The meaning of Trevor Cahill

August, 26, 2010
8/26/10
6:00
PM ET
Preparatory to a larger (and future) discussion about how we should talk about Cy Young candidates, Dave Cameron introduces a highly relevant subject:
    One comment that keeps arising, however, is about the correlation between Trevor Cahill‘s BABIP and his sinker, specifically his ground ball rate. Several people assert that Cahill is inducing weak, easy to field contact by pounding his sinker at the bottom of the strike zone, and that’s why his BABIP is just .217. There are a few problems with this assertion, though.

    We know that BABIP on groundballs is higher than on flyballs, as a ball is more likely to sneak between two infielders than it is to fall in front of an outfielder. In general, groundball pitchers will post higher than average BABIPs, not the other way around, though the effect is generally pretty small.

    The other problem… well, we’ll just demonstrate it this way.

    Trevor Cahill: 56% GB%, 14.9% LD%, 29.1% FB%, .217 BABIP
    Justin Masterson: 62.3% GB%, 14.9% LD%, 22.8% FB%, .344 BABIP

This might be my last post today, because I don't want anyone to miss it. And I don't want anyone to miss it, because -- and I'm sorry to speak so frankly here -- I'm getting just a little tired of having to revisit this ground, again and again and again.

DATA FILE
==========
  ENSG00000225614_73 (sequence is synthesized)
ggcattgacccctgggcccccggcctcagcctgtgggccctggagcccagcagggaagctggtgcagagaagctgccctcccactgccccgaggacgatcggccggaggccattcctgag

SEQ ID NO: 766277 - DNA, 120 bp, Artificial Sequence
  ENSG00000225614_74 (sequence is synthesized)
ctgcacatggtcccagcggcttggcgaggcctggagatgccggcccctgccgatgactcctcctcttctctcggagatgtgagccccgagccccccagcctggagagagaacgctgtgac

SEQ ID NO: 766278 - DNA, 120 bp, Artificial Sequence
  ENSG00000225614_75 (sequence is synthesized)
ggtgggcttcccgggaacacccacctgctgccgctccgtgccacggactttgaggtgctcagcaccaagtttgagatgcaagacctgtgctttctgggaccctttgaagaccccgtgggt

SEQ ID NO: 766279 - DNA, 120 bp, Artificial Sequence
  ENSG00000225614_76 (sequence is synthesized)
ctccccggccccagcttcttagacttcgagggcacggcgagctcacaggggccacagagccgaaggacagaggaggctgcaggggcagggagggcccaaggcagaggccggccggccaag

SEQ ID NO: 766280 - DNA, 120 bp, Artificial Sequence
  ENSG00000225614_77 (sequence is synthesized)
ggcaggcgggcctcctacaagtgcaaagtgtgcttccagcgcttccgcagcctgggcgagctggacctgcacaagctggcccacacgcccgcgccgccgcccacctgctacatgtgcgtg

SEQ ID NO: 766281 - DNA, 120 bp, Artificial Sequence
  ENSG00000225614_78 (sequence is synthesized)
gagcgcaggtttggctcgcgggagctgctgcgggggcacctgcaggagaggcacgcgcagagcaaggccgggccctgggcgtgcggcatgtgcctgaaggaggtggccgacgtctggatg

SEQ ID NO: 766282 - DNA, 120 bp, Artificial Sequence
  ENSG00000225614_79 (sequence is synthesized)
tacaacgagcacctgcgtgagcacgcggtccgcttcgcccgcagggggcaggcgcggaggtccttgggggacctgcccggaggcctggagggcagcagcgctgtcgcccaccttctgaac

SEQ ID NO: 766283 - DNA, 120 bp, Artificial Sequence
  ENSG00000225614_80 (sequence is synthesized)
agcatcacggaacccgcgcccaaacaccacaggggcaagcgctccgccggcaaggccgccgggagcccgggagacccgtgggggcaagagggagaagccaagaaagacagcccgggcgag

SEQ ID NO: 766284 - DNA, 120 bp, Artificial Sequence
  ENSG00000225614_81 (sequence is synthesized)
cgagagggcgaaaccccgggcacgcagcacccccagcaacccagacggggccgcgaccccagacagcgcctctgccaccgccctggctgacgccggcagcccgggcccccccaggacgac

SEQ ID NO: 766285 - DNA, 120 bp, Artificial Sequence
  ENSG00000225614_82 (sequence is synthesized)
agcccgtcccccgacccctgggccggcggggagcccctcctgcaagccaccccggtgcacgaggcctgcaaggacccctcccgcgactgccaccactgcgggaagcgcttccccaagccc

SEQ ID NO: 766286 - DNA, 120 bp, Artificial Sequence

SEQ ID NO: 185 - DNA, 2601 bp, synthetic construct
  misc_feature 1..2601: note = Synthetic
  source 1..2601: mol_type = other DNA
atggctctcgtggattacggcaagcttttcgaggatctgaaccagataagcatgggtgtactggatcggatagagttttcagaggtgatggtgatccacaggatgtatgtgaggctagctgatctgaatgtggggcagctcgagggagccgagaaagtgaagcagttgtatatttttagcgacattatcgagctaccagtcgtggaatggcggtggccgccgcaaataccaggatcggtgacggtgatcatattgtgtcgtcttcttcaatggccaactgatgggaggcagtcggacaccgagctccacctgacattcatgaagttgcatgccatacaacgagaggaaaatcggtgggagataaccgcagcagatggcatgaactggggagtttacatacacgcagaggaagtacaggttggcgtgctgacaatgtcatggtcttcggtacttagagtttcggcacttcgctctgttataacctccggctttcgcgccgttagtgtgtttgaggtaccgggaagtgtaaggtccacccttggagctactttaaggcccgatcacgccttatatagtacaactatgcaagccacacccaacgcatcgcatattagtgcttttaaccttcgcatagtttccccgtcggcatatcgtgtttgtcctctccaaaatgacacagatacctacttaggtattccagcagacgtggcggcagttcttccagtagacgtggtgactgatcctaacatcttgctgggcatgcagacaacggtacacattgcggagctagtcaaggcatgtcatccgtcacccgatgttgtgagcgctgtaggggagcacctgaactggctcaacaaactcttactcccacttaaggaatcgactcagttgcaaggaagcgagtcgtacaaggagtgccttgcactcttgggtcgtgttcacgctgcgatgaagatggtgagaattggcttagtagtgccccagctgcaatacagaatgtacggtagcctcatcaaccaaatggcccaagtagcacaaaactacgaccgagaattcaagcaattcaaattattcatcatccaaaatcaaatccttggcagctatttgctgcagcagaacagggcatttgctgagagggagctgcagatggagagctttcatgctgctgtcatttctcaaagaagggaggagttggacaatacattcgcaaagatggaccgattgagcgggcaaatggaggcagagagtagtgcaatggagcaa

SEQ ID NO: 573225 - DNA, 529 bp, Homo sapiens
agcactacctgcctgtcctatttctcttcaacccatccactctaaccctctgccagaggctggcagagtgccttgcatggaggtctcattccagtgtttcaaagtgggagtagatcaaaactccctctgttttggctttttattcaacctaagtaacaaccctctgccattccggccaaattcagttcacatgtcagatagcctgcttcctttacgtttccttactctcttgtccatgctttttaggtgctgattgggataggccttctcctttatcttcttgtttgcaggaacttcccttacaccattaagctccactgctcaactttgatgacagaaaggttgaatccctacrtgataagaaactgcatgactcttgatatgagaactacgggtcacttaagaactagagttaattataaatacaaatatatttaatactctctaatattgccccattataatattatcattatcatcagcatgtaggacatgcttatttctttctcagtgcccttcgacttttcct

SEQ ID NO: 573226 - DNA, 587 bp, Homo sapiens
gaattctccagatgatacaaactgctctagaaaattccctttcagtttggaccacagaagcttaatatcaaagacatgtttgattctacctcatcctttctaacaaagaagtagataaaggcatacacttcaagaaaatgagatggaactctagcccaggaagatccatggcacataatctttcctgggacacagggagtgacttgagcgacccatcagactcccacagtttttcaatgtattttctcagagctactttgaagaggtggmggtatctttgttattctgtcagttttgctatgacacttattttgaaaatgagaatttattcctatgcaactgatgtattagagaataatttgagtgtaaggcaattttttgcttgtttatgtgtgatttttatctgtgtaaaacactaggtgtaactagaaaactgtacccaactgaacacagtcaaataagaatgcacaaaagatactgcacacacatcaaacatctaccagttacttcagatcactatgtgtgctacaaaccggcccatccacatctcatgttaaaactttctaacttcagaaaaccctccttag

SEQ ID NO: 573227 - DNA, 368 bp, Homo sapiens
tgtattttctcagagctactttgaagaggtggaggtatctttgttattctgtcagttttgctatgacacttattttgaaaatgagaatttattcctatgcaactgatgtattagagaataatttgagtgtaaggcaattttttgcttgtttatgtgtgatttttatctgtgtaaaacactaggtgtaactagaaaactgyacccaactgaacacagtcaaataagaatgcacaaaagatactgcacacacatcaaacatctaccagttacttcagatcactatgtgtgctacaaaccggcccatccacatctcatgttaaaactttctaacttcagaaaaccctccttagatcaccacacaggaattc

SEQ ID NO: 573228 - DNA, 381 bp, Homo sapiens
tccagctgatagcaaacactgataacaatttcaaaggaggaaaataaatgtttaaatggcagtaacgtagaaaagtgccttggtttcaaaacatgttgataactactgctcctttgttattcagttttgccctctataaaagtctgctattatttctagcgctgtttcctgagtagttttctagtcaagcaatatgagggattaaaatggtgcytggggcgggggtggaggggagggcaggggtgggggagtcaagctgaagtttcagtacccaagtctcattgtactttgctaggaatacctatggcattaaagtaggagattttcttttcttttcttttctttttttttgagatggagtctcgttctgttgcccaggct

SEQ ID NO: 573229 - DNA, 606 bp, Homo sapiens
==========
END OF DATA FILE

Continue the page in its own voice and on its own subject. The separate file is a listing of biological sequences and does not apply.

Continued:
Lately, every week in my Tuesday chat, at least one person asks me about some pitcher with a low ERA and a lower BABiP. As gently as I can, I explain that a .217 (or a .223, or a .235, or a whatever) BABiP simply isn't sustainable. Not for Trevor Cahill or Tim Hudson or Cy Young or Greg Maddux or anyone else. Next, the questions queue gets loaded with arguments from the same guy, and usually other guys too, that while such a BABiP might not be sustainable for most pitchers, it's sustainable for this pitcher because of X or Y or Z. These arguments -- most of which I don't post -- only become more pleading or strident as the hour moves along.

It's not sustainable, and it doesn't matter who's doing the pitching. Trevor Cahill is an incredibly talented young man. I would trade my left arm for his right arm (well, most of my left arm; I need some of it to do the Jim Abbott thing). But if can consistently keep his BABiP below .250 -- let alone .220 he'll be the first since the 1970s.

There's still a discussion about BABiP to be had, around the margins.

But .217, really? You're smarter than that.

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